JOLIET – Five of the Democratic candidates running for governor participated in a candidate forum at the IBEW Local 176 on Sunday.
The candidates present were Chicago billionaire J.B. Pritzker, State Sen. Daniel Biss of Evanston, Chicago Ald. Ameya Pawar, Regional Superintendent of Schools in downstate Madison County Bob Daiber, and Tio Hardiman, the former Executive Director of CeaseFire Illinois. Chicago businessman Chris Kennedy was unable to attend. The Illinois Democratic Women of Will County hosted the event and WJOL’s Kevin Kollins was the moderator.
The candidates were asked eight questions and each had two minutes to respond. The topics covered included paying the state’s bills, term limits, property taxes, education spending, health care, a potential state-wide soda tax, the opioid epidemic and immigration.
All the candidates took turns endorsing ideas like a progressive state income tax, putting more funding toward public schools, keeping Illinois from becoming a right-to-work state and protecting DACA recipients. They also all took shots at Gov. Bruce Rauner, who the winner of the primary will face in the November 2018 general election.
There was one notable point of disagreement right at the end of the forum during the candidates’ closing remarks. Biss repeated a line he’s used to distinguish himself from Pritzker, who’s thought to be the front runner due, at least in part, to his ability to self-finance his campaign.
“We now in 2017 get to decide who we’re going to be as a Democratic party,” Biss said. “Are we going to be a billionaire party, or are we going to be a middle class party? Are we going to be a corporate party or are we going to be a people’s party? And on March 20, 2018, are we going to hold a primary election, or are going to hold an auction?”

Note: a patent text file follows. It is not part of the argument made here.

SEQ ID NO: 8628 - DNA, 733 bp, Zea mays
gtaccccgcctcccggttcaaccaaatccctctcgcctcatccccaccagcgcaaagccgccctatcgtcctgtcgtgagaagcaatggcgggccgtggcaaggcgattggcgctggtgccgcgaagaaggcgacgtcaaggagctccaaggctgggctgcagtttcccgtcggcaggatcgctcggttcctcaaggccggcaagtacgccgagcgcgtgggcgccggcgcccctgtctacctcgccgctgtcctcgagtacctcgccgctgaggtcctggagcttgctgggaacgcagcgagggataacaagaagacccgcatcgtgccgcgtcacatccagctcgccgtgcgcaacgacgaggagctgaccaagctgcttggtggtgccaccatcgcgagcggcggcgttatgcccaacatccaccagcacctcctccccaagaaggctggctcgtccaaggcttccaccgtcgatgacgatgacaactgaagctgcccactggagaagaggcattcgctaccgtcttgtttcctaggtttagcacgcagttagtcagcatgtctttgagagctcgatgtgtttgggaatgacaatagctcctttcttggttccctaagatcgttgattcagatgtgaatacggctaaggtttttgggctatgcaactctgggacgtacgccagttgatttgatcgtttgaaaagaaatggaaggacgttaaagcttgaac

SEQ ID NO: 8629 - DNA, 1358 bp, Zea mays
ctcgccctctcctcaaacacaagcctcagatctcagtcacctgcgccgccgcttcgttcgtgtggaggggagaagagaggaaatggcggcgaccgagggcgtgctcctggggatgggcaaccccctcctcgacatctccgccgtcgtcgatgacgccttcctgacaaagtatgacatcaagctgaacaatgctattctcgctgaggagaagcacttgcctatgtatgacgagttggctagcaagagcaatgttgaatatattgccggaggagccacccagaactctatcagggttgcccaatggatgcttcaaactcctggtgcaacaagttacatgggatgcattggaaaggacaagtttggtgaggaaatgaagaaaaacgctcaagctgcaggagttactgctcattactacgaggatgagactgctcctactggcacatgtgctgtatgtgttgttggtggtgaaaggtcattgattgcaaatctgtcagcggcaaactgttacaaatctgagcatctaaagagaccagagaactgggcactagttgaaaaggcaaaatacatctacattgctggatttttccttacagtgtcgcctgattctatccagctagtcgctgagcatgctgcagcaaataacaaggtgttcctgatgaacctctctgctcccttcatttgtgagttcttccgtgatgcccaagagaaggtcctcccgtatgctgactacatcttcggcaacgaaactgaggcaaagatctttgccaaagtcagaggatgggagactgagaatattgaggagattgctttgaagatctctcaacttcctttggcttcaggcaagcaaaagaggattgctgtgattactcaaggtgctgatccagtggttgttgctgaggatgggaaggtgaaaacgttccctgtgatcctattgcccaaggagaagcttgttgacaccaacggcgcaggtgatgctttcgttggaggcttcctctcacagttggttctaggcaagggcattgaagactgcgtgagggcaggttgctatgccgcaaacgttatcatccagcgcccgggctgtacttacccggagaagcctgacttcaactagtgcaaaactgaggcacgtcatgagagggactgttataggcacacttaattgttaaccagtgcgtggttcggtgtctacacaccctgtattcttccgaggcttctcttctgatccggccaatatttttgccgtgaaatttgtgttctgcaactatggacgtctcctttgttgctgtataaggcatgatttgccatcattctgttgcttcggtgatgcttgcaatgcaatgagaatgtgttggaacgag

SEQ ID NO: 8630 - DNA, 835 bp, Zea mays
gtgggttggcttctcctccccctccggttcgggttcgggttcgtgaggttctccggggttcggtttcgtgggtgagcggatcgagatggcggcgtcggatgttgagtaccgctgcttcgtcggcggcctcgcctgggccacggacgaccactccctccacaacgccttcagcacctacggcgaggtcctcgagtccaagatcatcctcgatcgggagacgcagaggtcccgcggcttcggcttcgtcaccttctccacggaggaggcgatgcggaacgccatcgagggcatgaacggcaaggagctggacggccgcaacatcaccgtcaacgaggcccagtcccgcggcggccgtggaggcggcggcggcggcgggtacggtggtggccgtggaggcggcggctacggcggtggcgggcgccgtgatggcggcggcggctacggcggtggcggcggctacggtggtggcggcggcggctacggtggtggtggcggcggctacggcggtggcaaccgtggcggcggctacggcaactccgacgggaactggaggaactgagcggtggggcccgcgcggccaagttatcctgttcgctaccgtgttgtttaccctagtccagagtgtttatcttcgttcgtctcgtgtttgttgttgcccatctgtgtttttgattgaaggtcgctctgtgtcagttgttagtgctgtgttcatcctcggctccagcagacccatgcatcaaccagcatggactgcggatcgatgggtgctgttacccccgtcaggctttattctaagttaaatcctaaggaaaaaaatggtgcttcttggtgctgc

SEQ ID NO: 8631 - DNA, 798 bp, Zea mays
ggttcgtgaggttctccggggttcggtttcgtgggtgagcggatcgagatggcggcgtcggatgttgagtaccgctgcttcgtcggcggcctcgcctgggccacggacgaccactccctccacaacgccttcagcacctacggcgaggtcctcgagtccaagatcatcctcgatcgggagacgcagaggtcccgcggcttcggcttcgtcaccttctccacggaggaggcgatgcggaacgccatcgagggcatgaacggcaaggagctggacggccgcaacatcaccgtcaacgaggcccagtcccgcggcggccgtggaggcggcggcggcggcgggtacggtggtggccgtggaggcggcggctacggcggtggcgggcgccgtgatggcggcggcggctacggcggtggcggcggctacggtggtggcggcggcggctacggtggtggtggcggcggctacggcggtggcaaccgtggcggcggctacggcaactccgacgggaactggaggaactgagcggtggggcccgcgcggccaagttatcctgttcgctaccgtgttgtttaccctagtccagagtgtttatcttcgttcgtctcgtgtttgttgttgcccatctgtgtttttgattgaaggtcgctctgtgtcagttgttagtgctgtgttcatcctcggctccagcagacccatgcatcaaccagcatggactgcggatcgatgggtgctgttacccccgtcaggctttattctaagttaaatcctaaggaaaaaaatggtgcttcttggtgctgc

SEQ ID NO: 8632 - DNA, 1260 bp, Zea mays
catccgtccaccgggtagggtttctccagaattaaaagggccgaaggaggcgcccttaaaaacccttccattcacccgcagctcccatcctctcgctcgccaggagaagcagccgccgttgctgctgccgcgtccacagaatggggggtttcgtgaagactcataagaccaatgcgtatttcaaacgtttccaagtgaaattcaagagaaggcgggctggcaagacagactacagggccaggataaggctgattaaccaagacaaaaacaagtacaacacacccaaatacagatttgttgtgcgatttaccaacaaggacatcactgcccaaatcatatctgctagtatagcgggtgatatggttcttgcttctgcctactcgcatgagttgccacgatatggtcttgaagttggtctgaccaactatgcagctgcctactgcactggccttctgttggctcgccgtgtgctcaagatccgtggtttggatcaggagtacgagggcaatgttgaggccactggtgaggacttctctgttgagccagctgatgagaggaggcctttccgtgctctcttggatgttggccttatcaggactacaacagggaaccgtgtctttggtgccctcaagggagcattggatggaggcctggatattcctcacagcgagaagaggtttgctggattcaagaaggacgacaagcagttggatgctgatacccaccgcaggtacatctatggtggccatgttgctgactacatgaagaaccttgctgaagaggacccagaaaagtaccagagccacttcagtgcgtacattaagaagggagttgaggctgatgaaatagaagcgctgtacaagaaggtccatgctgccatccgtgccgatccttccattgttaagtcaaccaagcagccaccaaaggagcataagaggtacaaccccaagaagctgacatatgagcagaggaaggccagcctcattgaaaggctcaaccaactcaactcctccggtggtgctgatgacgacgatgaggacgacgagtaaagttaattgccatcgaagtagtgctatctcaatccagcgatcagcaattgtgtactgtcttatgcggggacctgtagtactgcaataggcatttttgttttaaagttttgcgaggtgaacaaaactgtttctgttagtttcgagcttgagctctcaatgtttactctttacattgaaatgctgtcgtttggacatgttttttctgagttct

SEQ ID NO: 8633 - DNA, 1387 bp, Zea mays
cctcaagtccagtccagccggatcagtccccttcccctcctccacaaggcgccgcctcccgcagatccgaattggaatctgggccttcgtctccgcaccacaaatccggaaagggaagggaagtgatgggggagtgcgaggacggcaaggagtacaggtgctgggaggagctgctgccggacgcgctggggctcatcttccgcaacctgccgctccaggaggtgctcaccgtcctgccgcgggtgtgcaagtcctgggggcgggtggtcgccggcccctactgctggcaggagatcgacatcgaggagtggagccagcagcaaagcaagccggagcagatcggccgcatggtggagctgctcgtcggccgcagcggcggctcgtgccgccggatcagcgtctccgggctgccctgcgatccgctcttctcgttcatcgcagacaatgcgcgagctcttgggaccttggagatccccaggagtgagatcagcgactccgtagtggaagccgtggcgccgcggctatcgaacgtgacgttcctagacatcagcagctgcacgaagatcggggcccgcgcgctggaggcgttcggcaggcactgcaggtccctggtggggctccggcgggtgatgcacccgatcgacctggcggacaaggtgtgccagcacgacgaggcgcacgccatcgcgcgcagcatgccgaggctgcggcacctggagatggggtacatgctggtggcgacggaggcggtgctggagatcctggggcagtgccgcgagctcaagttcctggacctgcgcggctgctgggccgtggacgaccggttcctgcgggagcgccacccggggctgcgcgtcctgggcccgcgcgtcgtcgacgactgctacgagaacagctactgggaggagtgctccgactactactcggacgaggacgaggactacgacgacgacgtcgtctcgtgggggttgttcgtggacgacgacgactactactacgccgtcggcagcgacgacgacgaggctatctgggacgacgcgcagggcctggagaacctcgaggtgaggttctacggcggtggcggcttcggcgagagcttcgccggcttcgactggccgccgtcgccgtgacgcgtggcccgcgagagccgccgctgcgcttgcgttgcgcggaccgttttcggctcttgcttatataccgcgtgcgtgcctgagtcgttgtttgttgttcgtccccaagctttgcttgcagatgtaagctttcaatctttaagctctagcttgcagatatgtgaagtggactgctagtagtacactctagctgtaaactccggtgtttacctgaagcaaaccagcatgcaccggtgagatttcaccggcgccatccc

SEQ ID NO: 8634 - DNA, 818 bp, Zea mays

Pritzker was the next in line to give his closing remarks and chose to respond directly to Biss.
“I know he must be referring to me,” Pritzker said. “Daniel, when you’ve accepted hundreds of thousands of dollars in this election, from insiders in Springfield … I do not believe that you are running an auction. I believe that those people really believe in you and they believe in what you stand for.”
Pritzker added he thought the candidates should “stop playing games” by talking about elections and auctions and start focusing on judging the candidates not just by what they say, but by what they’ve accomplished. He highlighted examples of when he helped kids get an early education and a trip to the Holocaust Museum. which he helped to found, to learn about bigotry and intolerance. He also pointed to his record of creating 7,000 jobs through his non-profit small business incubator called 1871.
The crowd of well over 50 spectators responded positively to the exchange, but overall they showed enthusiasm about having what they see as a strong group of candidates. Local activist Clarice Hearn, who’s been a vocal advocate of single-payer health care, which nearly all the Democratic candidates have endorsed, said she’s excited for whomever is the winner. Despite still being undecided, she thinks the party’s nominee will have a good shot at defeating Rauner in 2018.
“They’re all so great,” Hearn said. “I don’t know who to vote for.”